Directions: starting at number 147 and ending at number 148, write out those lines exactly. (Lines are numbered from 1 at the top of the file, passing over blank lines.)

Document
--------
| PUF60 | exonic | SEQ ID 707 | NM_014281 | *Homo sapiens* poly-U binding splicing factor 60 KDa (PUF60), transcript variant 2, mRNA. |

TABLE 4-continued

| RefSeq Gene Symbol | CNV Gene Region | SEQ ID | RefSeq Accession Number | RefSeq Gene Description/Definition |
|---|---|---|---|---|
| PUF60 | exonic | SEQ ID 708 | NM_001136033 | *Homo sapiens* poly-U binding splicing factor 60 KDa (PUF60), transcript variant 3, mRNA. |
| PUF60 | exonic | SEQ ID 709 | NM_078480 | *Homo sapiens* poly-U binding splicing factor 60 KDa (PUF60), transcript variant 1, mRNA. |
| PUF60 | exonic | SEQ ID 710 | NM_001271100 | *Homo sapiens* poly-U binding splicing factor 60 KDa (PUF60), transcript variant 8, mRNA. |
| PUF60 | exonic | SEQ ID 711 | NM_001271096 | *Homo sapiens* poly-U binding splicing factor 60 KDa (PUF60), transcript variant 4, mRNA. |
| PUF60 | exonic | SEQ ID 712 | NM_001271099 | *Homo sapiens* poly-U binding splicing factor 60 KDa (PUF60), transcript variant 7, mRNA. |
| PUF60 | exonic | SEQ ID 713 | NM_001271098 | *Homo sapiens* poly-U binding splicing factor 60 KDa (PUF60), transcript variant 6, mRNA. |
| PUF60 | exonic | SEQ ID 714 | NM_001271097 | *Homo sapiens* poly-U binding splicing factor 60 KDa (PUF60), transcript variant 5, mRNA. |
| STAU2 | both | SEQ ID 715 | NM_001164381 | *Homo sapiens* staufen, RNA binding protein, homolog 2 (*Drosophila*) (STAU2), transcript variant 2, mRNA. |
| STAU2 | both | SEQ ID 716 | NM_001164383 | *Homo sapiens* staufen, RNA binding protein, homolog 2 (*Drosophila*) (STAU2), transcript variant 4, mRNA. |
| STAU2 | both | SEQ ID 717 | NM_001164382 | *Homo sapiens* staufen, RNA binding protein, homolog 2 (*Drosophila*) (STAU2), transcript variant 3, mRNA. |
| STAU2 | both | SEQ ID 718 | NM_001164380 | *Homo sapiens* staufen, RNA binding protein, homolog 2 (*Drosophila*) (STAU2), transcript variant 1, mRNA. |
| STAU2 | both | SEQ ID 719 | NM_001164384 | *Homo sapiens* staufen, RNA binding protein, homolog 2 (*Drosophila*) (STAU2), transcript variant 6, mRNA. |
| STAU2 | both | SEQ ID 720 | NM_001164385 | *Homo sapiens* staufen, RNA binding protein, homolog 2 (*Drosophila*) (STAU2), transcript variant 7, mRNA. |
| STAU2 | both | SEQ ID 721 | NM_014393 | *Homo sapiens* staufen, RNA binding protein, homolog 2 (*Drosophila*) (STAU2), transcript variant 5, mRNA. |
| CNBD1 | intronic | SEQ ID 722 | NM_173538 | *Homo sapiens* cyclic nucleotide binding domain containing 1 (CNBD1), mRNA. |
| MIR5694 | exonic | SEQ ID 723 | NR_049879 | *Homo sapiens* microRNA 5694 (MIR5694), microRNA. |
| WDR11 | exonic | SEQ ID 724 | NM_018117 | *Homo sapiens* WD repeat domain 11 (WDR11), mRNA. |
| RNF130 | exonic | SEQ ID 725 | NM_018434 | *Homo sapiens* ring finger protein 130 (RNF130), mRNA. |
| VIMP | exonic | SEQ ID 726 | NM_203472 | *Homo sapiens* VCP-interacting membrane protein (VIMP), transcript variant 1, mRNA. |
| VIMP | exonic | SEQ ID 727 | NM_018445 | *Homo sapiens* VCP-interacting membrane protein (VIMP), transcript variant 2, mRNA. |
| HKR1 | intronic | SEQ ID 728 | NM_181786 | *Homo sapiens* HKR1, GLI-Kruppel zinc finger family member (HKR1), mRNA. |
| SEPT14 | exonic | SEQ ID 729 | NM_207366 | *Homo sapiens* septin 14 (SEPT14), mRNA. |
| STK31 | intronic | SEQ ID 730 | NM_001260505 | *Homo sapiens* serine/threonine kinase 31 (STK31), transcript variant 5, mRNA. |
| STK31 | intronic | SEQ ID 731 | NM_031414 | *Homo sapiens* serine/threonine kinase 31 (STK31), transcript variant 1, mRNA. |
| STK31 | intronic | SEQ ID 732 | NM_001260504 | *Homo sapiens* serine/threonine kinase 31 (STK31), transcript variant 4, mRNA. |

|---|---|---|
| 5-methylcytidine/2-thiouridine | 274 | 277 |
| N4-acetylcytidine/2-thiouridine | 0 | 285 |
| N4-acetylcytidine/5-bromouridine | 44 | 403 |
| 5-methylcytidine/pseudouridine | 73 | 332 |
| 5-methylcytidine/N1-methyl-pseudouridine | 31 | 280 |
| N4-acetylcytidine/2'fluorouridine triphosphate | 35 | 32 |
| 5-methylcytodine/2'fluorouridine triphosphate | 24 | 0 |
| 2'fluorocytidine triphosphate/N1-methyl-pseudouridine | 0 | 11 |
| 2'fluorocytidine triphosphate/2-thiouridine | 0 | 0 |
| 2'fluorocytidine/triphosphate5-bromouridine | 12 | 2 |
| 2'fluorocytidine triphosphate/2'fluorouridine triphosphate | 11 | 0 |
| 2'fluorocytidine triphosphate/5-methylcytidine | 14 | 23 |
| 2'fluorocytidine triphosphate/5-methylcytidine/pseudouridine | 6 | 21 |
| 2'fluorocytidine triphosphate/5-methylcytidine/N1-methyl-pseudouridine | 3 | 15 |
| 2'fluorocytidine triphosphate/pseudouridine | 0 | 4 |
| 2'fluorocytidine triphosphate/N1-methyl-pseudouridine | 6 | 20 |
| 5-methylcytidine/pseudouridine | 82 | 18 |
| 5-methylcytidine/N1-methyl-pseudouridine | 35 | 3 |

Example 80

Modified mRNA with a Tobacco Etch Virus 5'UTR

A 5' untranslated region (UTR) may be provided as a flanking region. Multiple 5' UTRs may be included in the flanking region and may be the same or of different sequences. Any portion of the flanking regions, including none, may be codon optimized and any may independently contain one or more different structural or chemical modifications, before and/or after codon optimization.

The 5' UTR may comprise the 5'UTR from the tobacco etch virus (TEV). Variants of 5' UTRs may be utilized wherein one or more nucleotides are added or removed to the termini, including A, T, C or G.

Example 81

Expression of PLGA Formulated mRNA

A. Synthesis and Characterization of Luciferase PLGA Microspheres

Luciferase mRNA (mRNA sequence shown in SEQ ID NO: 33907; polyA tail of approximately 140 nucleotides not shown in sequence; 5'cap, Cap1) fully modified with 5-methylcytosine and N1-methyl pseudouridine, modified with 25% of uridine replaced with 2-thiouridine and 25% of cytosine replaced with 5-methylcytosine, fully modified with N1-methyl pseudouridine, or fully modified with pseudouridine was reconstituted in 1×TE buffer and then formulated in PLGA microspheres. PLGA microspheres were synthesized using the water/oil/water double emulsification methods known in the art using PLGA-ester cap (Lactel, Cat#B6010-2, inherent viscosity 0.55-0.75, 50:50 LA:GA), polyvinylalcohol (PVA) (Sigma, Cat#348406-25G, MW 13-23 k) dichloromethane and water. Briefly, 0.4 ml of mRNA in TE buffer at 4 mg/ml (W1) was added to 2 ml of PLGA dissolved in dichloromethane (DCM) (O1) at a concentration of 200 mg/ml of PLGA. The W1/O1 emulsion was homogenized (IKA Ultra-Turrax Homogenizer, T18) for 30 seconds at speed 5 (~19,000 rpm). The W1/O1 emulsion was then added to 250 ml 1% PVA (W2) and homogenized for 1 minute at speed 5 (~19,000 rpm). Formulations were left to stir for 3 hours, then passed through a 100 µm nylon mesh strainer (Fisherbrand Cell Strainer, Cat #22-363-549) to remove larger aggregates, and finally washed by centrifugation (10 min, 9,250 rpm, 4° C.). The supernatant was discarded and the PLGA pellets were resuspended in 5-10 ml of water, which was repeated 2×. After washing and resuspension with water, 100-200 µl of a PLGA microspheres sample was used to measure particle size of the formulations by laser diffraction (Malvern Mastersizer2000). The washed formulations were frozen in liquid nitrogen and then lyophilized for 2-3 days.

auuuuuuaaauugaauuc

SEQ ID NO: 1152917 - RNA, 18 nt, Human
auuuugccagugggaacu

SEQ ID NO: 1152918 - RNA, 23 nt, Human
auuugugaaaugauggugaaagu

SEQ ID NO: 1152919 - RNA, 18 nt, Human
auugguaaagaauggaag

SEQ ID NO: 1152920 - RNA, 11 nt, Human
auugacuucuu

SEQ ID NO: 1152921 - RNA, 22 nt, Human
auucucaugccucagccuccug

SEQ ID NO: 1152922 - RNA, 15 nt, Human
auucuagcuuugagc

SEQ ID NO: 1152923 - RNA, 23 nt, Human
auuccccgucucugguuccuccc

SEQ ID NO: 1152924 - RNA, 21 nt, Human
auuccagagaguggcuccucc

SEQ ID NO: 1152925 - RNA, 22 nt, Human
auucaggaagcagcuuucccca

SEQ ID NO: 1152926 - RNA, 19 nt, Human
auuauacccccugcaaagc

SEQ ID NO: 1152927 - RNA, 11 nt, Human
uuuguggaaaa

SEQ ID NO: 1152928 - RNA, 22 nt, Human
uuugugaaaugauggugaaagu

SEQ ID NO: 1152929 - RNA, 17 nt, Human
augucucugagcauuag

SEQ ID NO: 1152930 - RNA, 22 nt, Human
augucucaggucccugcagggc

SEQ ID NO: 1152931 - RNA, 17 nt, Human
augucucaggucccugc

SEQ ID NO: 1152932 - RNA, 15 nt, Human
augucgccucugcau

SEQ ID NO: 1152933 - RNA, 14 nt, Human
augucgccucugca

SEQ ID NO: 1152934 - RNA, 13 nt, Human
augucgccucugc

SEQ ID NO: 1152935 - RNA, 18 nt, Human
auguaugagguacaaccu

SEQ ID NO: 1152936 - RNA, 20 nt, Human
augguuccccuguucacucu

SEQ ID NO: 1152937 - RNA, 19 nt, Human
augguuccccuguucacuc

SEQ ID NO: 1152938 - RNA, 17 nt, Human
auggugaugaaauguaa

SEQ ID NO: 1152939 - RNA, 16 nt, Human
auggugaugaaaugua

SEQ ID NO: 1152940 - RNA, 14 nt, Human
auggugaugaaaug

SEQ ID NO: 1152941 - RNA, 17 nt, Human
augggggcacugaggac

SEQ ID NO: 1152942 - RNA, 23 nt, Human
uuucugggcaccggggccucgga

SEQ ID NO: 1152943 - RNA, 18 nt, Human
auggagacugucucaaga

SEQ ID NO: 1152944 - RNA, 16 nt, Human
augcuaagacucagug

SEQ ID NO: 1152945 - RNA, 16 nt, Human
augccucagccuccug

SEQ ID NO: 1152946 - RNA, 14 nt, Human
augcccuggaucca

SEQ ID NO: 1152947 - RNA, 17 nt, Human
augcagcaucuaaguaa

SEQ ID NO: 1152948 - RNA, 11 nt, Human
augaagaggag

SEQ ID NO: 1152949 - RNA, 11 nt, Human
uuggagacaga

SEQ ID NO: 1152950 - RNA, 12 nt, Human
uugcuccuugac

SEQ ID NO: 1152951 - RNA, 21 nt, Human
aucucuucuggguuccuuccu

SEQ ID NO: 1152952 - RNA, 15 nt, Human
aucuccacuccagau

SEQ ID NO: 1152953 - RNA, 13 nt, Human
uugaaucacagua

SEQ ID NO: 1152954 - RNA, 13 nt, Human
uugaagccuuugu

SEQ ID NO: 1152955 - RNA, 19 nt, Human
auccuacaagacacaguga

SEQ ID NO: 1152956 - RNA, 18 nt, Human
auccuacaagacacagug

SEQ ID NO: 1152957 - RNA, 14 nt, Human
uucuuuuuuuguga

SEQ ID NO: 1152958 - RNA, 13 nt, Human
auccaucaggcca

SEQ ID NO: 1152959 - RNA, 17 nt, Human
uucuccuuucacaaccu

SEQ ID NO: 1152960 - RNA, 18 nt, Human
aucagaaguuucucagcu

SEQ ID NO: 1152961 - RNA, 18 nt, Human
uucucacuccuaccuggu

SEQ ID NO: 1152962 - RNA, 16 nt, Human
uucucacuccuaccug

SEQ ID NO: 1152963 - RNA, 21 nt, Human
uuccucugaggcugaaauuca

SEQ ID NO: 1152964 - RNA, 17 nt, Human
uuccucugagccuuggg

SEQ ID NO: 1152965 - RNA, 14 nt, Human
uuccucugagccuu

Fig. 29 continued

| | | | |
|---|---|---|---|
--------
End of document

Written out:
uucucacuccuaccuggu

SEQ ID NO: 1152962 - RNA, 16 nt, Human